In a technologically suppressed future, information demands to be free in the debut novel from Hugo Award-winning author Charlie Stross.
In the twenty-first century, life as we know it changed. Faster-than-light travel was perfected, and the Eschaton, a superhuman artificial intelligence, was born. Four hundred years later, the far-flung colonies that arose as a result of these events—scattered over three thousand years of time and a thousand parsecs of space—are beginning to rediscover their origins.
The New Republic is one such colony. It has existed for centuries in self-imposed isolation, rejecting all but the most basic technology. Now, under attack by a devastating information plague, the colony must reach out to Earth for help. A battle fleet is dispatched, streaking across the stars to the rescue. But things are not what they seem—secret agendas and ulterior motives abound, both aboard the ship and on the ground. And watching over it all is the Eschaton, which has its own very definite ideas about the outcome...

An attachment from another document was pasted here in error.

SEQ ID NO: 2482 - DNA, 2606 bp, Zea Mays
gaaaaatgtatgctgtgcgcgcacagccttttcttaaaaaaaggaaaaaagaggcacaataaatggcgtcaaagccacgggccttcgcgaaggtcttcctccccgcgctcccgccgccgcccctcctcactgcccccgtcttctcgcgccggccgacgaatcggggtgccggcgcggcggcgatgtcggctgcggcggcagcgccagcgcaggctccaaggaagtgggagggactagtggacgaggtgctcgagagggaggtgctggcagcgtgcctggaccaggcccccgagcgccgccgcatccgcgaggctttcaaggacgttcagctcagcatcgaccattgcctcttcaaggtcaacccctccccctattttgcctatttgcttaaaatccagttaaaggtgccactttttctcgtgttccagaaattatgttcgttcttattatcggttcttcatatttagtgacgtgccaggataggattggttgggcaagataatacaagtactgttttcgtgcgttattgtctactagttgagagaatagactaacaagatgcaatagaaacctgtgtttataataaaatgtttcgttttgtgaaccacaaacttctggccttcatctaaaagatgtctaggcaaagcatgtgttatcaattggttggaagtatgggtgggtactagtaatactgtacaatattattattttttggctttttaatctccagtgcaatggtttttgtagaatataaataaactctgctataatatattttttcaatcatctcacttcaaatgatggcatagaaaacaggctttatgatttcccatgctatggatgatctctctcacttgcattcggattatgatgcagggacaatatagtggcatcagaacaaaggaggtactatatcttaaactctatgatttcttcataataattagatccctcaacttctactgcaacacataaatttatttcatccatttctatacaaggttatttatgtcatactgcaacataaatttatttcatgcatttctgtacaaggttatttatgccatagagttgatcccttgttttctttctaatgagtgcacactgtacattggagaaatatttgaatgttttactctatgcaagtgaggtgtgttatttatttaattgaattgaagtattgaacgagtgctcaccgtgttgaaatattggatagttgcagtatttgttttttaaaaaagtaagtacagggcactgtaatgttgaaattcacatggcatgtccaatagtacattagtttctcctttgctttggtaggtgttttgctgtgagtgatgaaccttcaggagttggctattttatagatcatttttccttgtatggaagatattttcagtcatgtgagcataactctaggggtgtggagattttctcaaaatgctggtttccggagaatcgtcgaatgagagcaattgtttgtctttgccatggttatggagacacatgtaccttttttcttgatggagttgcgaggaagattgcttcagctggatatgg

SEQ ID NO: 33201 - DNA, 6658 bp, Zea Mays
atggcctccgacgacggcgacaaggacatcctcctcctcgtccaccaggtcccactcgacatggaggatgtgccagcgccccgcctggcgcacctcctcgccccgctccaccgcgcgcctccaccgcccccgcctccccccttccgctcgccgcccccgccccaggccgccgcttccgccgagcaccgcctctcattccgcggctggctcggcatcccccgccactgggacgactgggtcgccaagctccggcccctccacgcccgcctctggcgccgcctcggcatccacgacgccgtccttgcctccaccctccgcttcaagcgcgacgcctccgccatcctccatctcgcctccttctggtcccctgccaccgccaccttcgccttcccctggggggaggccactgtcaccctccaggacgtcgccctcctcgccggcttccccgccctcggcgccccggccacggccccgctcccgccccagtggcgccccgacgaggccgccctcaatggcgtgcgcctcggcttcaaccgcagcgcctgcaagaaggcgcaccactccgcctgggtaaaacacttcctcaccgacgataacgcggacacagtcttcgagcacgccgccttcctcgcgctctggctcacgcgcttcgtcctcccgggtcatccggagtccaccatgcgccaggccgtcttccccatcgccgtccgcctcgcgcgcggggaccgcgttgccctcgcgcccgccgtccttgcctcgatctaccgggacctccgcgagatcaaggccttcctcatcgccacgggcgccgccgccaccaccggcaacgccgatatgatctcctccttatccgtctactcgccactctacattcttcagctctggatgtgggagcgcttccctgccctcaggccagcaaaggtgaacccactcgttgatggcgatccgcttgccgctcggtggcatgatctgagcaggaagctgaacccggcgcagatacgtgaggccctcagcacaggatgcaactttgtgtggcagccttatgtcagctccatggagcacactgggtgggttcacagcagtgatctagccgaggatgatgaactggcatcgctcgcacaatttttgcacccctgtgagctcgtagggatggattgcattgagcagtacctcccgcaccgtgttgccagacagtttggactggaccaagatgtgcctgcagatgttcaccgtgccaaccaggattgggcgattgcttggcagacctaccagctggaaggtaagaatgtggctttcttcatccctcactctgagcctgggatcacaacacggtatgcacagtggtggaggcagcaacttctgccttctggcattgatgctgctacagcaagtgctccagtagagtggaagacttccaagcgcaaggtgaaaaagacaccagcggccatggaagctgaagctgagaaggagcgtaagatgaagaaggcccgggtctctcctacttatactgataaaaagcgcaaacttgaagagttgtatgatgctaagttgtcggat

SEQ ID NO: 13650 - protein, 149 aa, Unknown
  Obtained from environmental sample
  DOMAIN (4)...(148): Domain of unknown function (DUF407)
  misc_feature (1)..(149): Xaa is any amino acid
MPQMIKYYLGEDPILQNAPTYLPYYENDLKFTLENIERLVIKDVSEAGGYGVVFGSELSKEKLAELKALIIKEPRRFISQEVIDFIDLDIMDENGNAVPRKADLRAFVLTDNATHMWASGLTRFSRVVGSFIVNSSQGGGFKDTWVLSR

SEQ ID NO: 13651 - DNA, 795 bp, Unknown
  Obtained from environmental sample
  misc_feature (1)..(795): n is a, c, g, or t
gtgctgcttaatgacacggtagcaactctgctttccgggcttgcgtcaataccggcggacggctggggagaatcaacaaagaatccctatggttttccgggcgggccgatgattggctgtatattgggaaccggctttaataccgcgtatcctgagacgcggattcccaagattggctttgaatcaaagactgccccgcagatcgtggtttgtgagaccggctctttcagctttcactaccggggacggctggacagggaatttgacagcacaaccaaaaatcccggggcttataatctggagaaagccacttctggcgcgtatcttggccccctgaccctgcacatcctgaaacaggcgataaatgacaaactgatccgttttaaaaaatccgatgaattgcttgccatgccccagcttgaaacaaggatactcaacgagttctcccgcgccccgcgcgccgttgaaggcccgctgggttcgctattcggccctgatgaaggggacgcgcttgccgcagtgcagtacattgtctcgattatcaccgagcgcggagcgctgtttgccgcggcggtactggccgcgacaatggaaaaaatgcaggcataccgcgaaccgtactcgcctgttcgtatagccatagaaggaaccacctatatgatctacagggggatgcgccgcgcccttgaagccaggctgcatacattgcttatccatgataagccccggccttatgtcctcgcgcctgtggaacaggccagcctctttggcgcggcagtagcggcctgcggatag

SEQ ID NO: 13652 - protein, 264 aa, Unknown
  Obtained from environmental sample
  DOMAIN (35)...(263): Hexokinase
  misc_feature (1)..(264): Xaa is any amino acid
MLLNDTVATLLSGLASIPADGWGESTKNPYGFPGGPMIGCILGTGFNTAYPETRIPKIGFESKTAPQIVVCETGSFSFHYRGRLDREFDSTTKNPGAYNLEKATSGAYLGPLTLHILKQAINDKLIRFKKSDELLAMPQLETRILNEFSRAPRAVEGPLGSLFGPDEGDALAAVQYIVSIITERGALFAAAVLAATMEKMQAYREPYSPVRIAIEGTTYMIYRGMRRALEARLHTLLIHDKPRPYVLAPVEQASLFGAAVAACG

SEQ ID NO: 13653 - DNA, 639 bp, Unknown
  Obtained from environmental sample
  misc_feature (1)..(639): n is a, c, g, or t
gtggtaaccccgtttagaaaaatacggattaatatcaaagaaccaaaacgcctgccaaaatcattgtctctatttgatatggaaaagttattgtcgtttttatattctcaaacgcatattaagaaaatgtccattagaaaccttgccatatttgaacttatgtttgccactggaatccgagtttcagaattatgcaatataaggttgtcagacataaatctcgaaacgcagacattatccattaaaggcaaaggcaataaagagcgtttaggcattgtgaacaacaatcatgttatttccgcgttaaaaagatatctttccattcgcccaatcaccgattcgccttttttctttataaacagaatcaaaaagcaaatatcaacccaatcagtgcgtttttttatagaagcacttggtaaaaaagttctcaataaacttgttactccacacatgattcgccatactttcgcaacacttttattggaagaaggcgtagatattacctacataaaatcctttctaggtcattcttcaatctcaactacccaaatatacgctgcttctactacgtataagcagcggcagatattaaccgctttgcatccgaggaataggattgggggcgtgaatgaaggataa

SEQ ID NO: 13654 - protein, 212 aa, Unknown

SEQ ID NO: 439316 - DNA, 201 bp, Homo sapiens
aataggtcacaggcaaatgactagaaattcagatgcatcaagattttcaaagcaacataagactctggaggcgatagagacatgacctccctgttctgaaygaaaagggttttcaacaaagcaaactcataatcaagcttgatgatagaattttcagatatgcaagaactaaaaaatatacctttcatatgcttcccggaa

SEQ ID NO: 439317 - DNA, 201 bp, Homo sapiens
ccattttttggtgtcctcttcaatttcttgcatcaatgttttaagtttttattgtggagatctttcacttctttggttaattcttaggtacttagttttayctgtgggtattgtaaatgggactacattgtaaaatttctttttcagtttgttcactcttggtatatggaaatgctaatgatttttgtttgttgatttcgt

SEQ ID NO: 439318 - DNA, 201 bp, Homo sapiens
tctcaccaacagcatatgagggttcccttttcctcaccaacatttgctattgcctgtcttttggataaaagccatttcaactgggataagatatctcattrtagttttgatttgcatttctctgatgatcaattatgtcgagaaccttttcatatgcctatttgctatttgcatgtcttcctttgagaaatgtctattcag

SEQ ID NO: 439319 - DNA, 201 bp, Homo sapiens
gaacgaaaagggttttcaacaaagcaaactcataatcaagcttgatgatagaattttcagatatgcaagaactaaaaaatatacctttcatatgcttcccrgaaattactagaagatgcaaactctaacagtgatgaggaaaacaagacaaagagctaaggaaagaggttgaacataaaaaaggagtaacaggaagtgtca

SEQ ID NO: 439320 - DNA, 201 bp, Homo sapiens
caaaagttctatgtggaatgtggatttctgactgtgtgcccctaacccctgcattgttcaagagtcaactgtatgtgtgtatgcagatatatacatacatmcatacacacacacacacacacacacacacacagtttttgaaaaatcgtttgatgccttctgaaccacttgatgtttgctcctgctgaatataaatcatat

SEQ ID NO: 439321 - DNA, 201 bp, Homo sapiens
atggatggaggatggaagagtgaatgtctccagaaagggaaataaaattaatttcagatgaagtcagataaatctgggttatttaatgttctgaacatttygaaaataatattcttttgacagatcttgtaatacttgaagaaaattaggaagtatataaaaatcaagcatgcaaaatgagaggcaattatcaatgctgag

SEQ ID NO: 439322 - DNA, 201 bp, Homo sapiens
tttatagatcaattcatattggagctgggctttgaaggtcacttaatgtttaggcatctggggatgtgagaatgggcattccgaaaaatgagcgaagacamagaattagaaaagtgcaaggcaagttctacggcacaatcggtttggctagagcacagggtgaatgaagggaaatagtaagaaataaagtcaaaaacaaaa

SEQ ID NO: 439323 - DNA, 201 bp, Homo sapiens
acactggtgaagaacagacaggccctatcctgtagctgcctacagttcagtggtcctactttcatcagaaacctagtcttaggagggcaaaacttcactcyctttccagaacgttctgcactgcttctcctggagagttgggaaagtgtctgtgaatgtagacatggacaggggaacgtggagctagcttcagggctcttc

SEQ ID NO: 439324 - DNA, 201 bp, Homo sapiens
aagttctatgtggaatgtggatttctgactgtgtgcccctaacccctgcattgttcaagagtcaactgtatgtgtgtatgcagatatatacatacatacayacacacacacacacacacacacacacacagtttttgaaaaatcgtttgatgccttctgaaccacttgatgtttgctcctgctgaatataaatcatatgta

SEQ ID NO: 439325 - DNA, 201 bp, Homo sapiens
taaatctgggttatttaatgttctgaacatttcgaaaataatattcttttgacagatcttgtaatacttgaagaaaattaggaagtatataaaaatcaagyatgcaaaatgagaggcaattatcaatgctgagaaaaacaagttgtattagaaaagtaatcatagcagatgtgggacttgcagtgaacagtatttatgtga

In his first novel, British author Stross, one of the hottest short-story writers in the field, serves up an energetic and sometimes satiric mix of cutting-edge nanotechnology, old-fashioned space opera and leftist political commentary reminiscent of Ken MacLeod. Spaceship engineer Martin Springfield and U.N. diplomat Rachel Mansour hail from an Earth that has gone through the Singularity, an accelerated technological and social evolution far beyond anything we can imagine. The Singularity was triggered by the Eschaton, a super-powerful being descended from humanity that can travel in time and that essentially rules the universe. Springfield and Mansour meet on the home world of the New Republic, a repressive, backwater society that has outlawed virtually all advanced technology other than that necessary for interstellar warfare. When one of the New Republic's colonial worlds is besieged by the Festival, an enigmatic alien intelligence, the Republic counterattacks, using time travel in an attempt to put its warships in position to catch the Festival by surprise. Springfield and Mansour, working for different masters, have both been assigned the task of either diffusing the crisis or sabotaging the New Republic's warfleet, no matter what the cost. As a newcomer to long fiction, Stross has some problems with pacing, but the book still generates plenty of excitement.